Paulson takes on iconic role in Netflix's 'Ratched'
Anyone who saw the 1975 feature film “One Flew Over the Cuckoo’s Nest” undoubtedly remembers Louise Fletcher’s Oscar-winning turn as domineering asylum Nurse Ratched. Now Sarah Paulson takes on the iconic character in an origin series upcoming on Netflix.
In “Ratched,” which begins streaming its eight episodes Friday, Sept. 18, Paulson reteams with her “American Horror Story” boss, creator Ryan Murphy, to tell the story of the future 1960s mental hospital tyrant made famous in the film and in Ken Kesey’s seminal 1962 novel. Here, it’s 1947 and stylish Nurse Mildred Ratched arrives at a leading psychiatric hospital in Northern California, where disturbing experiments have begun on the human mind.
Though the very image of a dedicated, competent caregiver, Ratched has issues bubbling beneath her calm, cool exterior that portend danger as she begins to infiltrate the mental health care system and those within it.
The high-profile production boasts an impressive cast including Emmy winners/nominees Cynthia Nixon (“Sex and the City”), Sharon Stone (“The Practice”), Judy Davis (“The Starter Wife”) and Finn Wittrock (“American Horror Story”). But obviously that wasn’t the only draw for Paulson, who jumped at the chance to play such a memorable character, albeit with substantial trepidation.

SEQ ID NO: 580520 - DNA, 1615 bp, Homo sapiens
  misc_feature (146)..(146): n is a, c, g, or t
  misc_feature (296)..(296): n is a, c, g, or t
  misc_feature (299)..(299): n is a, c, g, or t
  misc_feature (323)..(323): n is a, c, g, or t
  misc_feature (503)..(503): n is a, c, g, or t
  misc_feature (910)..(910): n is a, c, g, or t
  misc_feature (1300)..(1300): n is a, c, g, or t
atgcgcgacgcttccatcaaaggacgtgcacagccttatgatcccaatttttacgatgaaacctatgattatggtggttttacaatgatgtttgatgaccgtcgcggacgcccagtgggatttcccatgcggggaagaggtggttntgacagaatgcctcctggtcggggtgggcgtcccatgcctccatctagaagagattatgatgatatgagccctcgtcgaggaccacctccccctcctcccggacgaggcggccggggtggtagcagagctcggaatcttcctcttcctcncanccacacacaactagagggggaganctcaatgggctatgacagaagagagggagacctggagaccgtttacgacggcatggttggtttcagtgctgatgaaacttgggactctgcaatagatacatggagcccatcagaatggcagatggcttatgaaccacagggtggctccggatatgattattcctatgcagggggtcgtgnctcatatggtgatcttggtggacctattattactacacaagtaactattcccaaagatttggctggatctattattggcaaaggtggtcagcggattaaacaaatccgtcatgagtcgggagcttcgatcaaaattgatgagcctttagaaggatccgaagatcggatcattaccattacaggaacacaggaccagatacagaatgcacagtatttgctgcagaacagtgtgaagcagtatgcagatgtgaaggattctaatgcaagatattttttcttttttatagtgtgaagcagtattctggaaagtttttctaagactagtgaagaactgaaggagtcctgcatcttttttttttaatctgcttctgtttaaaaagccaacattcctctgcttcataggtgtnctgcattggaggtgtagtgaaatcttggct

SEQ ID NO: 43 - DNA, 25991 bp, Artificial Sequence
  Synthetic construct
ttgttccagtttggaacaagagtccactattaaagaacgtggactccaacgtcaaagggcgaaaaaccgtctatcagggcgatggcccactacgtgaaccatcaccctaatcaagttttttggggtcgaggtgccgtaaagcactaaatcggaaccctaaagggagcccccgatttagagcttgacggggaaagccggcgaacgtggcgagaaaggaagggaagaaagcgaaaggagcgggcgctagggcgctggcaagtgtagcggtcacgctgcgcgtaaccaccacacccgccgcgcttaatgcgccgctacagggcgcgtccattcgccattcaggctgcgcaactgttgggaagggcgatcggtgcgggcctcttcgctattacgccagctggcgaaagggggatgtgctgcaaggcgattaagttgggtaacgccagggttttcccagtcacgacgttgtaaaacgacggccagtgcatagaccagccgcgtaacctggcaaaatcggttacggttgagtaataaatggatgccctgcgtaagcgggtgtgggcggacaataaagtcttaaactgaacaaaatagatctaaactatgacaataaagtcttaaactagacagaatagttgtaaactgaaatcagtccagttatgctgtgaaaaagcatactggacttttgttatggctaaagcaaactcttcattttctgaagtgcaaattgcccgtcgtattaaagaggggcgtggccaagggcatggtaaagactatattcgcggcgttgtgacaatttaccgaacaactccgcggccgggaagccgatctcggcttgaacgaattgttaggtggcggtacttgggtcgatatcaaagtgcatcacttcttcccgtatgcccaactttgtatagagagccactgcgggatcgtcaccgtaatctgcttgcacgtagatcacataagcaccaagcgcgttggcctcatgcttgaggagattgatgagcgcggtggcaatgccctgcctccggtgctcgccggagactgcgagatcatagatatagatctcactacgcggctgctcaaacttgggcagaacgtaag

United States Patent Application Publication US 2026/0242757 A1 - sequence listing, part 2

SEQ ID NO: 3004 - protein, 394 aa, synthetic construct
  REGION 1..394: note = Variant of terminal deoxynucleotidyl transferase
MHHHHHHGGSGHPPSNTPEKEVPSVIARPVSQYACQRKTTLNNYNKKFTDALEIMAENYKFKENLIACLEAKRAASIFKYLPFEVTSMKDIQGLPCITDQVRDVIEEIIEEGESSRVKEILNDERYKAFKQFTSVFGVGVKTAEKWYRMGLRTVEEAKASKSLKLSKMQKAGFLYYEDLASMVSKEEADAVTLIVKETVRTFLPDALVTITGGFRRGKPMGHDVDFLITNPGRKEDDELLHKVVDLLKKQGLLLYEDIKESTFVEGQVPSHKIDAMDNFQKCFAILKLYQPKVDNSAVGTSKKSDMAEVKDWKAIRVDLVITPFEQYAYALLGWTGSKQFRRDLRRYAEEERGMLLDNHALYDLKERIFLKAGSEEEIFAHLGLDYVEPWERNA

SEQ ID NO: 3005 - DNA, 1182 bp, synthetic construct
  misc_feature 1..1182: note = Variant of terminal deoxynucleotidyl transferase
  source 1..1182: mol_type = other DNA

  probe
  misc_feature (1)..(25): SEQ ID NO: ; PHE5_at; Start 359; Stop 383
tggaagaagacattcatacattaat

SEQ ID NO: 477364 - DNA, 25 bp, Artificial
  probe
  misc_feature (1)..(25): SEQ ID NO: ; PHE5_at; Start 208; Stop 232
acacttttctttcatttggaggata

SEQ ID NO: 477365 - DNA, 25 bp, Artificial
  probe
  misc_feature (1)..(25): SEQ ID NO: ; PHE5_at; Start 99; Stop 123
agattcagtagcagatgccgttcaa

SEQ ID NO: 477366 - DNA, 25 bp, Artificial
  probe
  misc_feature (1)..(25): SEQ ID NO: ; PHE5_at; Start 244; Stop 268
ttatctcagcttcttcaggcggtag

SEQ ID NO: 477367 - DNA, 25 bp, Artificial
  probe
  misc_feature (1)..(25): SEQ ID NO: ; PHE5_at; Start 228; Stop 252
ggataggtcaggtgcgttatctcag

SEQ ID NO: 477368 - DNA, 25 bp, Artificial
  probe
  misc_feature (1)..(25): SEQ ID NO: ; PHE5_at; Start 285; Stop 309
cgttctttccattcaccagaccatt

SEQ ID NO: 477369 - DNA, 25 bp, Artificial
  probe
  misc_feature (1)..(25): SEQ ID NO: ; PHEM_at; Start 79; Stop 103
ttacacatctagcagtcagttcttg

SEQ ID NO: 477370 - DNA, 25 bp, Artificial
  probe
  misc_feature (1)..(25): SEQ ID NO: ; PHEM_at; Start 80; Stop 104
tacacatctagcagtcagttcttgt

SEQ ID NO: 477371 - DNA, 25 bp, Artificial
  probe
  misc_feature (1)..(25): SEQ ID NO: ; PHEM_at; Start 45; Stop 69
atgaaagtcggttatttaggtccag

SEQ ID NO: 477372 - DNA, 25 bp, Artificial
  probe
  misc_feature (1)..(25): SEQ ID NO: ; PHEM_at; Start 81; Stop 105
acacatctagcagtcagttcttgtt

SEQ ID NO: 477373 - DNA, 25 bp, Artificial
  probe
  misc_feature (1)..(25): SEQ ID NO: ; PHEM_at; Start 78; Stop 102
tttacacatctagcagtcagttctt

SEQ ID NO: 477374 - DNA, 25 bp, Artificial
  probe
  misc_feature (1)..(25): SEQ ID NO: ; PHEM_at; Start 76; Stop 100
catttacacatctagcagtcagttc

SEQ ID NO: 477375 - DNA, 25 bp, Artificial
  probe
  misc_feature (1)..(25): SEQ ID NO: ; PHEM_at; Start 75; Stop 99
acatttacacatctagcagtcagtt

“In this case, it was obviously heightened because I have such respect and admiration for Louise Fletcher as an actress and her work in that movie was just absolutely phenomenal,” she explains. “There is a sense of wanting to get it right for the people who love the movie and who love the book. And at the same time this is really an origin story and so there’s a lot of it that was not part of the book and not part of the movie that (is) sort of a world that we are creating. And that was really exciting because then there’s a little bit more freedom.”
So in creating a young Ratched, Paulson focused on detail, like how Fletcher as Ratched held her keys. She also imagined what a 1940s version of the character’s hair might look like.
“I tried to honor her,” the actress says, “and also tried to give people an opportunity to maybe get a little bit deeper inside a character that – you know, because in the movie and in the book, you never learn about her life outside of the hospital.
“So how and why she behaved the way she did, how did she land where she landed, why does she have the belief system she held so tightly about rules and regulations and how did she get that way? And so this story is the Ratched experience to sort of dive into her past and what potentially could have gone on that created the character we see and that we know so well and that we love from the movie.”